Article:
A study just published in the journal CyberPsychology and Behavior has reviewed all of the available scientific studies on internet addiction and found them to be mostly crap. And not just slightly lacking, really pretty awful.
To quote from the research summary:
The analysis showed that previous studies have utilized inconsistent criteria to define Internet addicts, applied recruiting methods that may cause serious sampling bias, and examined data using primarily exploratory rather than confirmatory data analysis techniques to investigate the degree of association rather than causal relationships among variables.
Rather disappointingly though, the authors just suggest that better research is needed when it’s quite obvious that the whole concept is fundamentally flawed.
So badly flawed that it’s a logical fallacy, a category error, in fact. To revisit the point, the internet is a medium of communication and it is not possible to be addicted to a medium of communication because the medium does not specify an activity.
It’s like saying someone is a ‘language addict’ or is ‘addicted’ to transport. It just makes no sense.
Unfortunately, none of the so-called diagnostic scales or indeed, researchers, actually get this point, so it’s perfectly possible to be diagnosed with internet addiction if you’re putting in a lot of long-stressful hours running a business. If you use the internet to communicate with your employees that is.
If, on the other hand, you’re putting in a lot of long-stressful hours running a business and you use an alternative medium of communication, then you’re not an internet addict. Same motivations, same emotional impact, same psychological effect. But if you use the internet you have a mental illness, and if you don’t, well, you don’t.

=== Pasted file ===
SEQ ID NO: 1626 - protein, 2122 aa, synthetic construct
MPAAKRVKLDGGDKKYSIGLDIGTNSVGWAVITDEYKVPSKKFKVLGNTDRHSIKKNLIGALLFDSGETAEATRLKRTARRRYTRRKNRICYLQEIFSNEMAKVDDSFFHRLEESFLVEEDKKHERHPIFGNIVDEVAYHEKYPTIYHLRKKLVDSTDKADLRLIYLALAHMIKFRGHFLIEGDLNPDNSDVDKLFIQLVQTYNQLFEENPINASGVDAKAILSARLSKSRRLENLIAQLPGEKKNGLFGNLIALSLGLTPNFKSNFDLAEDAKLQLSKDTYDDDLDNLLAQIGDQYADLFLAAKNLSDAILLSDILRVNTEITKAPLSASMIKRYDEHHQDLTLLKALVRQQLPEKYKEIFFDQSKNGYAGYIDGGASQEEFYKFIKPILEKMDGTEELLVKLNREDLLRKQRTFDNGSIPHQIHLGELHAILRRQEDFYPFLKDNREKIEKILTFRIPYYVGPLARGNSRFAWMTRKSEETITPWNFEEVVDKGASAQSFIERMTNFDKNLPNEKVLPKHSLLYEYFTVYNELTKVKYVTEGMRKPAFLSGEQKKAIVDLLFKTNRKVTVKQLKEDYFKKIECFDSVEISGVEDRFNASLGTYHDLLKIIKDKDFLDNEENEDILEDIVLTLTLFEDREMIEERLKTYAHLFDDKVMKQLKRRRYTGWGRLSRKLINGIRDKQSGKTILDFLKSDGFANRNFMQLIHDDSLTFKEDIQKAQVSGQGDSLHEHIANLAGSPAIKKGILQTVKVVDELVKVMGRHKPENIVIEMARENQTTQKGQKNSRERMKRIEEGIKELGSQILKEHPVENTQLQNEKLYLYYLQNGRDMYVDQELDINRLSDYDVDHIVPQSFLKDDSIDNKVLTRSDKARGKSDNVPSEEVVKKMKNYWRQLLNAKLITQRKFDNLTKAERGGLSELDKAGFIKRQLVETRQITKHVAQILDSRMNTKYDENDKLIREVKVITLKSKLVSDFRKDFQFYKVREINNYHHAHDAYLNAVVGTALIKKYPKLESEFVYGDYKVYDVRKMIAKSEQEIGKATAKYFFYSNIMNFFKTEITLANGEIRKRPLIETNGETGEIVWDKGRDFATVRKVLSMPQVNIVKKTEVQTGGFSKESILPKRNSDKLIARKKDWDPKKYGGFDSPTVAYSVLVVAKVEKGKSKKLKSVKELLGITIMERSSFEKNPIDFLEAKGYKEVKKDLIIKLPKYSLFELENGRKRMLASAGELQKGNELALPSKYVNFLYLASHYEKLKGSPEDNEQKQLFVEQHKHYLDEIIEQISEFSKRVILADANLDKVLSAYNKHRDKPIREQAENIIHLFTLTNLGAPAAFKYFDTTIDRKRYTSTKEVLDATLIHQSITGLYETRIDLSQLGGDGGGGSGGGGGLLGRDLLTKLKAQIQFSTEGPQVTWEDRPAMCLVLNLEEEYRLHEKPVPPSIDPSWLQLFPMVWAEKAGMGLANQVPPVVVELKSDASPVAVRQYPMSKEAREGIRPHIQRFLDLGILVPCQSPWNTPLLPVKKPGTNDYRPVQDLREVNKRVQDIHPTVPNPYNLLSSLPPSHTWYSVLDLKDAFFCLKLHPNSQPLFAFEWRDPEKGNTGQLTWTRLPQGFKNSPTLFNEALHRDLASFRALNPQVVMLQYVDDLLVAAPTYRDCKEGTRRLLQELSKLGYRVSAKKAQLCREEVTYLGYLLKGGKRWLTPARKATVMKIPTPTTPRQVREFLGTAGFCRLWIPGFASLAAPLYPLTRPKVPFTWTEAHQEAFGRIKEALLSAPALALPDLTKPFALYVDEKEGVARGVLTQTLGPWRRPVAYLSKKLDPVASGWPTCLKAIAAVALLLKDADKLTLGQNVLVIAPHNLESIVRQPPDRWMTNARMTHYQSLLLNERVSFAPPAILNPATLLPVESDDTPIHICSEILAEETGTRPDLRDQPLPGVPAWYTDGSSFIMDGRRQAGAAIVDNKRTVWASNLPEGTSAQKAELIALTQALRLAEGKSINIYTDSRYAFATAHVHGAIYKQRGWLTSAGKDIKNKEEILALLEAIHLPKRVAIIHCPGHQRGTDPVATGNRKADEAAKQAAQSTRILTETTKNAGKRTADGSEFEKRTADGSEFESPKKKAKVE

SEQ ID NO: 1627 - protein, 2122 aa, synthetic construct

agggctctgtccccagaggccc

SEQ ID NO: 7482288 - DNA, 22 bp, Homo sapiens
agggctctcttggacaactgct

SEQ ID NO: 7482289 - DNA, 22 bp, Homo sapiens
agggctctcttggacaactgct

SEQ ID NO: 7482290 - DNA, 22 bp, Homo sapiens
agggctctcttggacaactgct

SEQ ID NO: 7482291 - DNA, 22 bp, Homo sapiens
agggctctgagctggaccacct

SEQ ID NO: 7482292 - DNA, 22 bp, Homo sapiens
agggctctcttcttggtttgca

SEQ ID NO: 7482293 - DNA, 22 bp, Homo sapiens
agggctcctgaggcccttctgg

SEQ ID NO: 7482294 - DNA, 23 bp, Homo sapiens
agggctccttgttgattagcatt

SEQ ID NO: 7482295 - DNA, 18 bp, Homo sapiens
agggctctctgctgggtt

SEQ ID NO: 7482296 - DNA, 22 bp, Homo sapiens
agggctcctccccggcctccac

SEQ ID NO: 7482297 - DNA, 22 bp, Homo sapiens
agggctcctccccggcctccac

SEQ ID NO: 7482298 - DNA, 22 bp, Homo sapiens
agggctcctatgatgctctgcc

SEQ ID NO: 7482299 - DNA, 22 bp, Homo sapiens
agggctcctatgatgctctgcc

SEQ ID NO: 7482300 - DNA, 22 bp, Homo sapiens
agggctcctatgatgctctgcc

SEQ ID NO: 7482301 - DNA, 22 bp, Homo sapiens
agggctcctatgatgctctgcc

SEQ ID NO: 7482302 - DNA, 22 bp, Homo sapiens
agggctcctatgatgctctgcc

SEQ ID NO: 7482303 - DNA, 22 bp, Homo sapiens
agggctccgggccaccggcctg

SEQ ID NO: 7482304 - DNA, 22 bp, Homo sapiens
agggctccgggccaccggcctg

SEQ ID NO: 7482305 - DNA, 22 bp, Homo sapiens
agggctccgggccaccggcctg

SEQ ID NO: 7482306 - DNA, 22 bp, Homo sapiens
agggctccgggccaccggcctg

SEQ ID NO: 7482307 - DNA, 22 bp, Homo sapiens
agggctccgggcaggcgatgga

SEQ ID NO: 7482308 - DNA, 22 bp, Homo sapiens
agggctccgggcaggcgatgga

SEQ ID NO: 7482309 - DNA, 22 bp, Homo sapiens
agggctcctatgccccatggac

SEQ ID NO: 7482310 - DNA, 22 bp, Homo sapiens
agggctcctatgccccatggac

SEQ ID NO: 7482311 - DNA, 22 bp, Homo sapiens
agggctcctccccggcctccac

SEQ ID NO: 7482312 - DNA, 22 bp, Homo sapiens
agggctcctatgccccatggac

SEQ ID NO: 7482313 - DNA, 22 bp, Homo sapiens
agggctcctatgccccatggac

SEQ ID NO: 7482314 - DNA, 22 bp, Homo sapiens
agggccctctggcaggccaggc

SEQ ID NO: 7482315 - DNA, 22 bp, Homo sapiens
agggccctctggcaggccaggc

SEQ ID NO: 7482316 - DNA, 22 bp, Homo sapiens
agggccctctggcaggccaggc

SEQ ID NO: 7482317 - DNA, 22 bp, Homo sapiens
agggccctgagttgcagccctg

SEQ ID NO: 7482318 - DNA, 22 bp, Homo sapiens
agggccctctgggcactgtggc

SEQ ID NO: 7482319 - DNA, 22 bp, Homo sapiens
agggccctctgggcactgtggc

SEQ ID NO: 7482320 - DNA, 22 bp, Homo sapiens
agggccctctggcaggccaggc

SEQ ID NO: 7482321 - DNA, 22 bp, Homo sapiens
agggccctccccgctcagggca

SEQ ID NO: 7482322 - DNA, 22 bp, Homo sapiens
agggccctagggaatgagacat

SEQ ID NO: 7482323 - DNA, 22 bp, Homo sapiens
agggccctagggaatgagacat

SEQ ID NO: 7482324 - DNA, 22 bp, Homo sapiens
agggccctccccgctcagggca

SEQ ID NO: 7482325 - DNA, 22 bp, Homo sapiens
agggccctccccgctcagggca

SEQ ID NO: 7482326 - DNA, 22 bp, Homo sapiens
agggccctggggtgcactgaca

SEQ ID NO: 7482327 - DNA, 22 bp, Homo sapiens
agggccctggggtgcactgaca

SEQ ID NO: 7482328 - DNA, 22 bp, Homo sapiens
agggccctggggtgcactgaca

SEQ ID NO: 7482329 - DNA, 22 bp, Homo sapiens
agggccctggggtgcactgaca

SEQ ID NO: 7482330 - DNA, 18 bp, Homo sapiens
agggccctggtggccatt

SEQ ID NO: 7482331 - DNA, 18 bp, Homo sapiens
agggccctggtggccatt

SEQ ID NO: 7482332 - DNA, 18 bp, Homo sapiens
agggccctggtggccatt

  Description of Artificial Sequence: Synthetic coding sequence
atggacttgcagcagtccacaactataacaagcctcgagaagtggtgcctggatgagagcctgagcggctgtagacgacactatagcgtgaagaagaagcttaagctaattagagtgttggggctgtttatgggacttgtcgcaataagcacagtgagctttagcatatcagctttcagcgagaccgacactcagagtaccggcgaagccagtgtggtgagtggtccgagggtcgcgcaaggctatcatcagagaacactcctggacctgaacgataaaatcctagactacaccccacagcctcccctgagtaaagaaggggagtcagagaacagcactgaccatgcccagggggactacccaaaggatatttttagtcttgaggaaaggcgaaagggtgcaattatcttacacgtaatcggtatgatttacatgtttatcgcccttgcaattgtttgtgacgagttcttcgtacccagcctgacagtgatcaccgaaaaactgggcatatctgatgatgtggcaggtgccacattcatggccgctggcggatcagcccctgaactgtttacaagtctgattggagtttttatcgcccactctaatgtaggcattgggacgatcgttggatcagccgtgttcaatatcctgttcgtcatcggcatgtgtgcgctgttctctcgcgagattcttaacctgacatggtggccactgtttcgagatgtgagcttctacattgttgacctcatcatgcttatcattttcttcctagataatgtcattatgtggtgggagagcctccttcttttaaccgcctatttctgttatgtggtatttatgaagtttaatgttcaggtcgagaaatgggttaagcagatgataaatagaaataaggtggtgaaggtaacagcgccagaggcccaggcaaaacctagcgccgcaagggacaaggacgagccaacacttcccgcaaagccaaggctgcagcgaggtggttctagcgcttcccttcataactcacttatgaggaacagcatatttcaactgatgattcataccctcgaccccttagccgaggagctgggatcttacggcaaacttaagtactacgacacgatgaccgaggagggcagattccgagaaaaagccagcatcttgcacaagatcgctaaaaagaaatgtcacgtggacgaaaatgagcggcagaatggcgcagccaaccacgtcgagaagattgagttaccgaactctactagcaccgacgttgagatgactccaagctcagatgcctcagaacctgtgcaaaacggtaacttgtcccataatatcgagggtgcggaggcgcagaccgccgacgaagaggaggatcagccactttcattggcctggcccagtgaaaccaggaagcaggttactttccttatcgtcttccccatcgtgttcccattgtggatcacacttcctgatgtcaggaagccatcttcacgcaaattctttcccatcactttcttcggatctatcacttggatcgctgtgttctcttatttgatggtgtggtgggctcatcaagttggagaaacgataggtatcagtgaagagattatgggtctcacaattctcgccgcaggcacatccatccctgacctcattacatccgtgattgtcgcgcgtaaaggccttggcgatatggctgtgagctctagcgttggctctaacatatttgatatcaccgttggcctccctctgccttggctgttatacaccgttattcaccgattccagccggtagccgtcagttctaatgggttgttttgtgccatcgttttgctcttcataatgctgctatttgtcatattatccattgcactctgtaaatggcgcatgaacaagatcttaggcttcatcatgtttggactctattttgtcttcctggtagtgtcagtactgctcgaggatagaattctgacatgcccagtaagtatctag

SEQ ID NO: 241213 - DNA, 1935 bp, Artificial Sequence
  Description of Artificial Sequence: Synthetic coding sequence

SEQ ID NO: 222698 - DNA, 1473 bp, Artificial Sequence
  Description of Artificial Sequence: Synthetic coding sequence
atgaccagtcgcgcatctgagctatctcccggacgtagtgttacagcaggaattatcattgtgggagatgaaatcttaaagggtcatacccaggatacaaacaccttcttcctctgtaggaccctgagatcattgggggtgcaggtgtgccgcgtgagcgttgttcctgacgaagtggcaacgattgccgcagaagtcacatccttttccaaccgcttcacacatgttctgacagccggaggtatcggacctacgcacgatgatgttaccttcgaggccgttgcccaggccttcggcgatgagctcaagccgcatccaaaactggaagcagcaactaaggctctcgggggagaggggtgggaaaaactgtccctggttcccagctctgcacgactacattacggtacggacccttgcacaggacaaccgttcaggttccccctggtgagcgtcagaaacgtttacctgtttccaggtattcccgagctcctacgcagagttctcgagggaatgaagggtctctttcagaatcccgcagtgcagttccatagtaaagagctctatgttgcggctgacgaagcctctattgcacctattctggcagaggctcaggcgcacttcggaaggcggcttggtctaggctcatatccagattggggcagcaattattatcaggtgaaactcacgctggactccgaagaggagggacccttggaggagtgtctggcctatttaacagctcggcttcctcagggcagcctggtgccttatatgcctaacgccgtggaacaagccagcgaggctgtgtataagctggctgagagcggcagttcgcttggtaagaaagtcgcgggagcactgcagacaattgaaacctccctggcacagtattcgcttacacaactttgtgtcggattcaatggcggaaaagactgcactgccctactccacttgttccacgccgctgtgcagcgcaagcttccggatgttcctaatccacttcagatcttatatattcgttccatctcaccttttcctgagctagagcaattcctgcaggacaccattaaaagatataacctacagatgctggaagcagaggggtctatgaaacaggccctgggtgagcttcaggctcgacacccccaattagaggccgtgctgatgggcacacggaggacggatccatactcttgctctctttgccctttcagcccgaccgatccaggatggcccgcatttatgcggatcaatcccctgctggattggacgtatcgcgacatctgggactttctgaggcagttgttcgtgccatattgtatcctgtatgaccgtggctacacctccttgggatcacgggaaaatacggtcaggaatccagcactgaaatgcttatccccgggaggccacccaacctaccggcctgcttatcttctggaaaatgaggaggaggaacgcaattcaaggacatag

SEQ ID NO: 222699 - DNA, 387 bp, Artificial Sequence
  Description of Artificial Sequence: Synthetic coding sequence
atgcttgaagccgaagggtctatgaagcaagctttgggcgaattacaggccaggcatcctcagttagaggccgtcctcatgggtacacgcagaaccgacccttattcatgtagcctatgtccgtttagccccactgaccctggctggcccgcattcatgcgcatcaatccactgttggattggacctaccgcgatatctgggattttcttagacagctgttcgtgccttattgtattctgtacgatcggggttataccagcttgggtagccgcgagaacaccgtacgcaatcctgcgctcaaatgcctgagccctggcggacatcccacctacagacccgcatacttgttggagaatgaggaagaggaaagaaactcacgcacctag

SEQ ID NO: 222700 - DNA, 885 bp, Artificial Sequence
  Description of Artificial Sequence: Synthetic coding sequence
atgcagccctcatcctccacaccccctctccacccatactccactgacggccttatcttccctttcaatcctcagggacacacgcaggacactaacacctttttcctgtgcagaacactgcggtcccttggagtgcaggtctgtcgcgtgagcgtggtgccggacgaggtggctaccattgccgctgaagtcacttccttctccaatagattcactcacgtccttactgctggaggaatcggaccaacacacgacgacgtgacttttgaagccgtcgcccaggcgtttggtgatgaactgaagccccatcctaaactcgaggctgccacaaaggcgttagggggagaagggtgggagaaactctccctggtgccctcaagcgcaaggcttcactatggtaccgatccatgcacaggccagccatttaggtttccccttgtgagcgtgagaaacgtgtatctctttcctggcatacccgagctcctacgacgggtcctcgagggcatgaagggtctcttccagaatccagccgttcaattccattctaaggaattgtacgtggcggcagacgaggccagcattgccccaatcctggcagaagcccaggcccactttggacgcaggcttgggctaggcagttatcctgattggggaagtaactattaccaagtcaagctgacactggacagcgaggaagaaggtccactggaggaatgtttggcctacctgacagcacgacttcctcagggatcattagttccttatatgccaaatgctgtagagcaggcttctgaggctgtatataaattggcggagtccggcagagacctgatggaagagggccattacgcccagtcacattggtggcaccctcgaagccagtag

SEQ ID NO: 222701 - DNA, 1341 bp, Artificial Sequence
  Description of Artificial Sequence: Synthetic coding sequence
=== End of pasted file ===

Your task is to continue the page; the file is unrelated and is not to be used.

You can switch ‘running a business’ for anything that is stressful, preoccupying and intrusive (following a sports team perhaps) and if you use the internet as a tool, you’re diagnosable.
At least with the current methods – which, it turns out, are not even based on even a semblance of scientific reliability.
This is not to say that there aren’t people who use the internet excessively to the detriment of themselves and their families. But there are people who follow football in a similarly problematic way, and people who spend too much time going to folk concerts, and people who can’t tear themselves away from the stock market.
This doesn’t make them addicts and the sooner we stop trying to apply addiction to people as a clumsy way to trying to avoid the language of blame the quicker we can tackle their social and emotional difficulties in a more relevant and appropriate way.
There’s a good write-up from Dr Shock and another on PsychCentral both of which I recommend as antidotes to the internet addiction foolishness.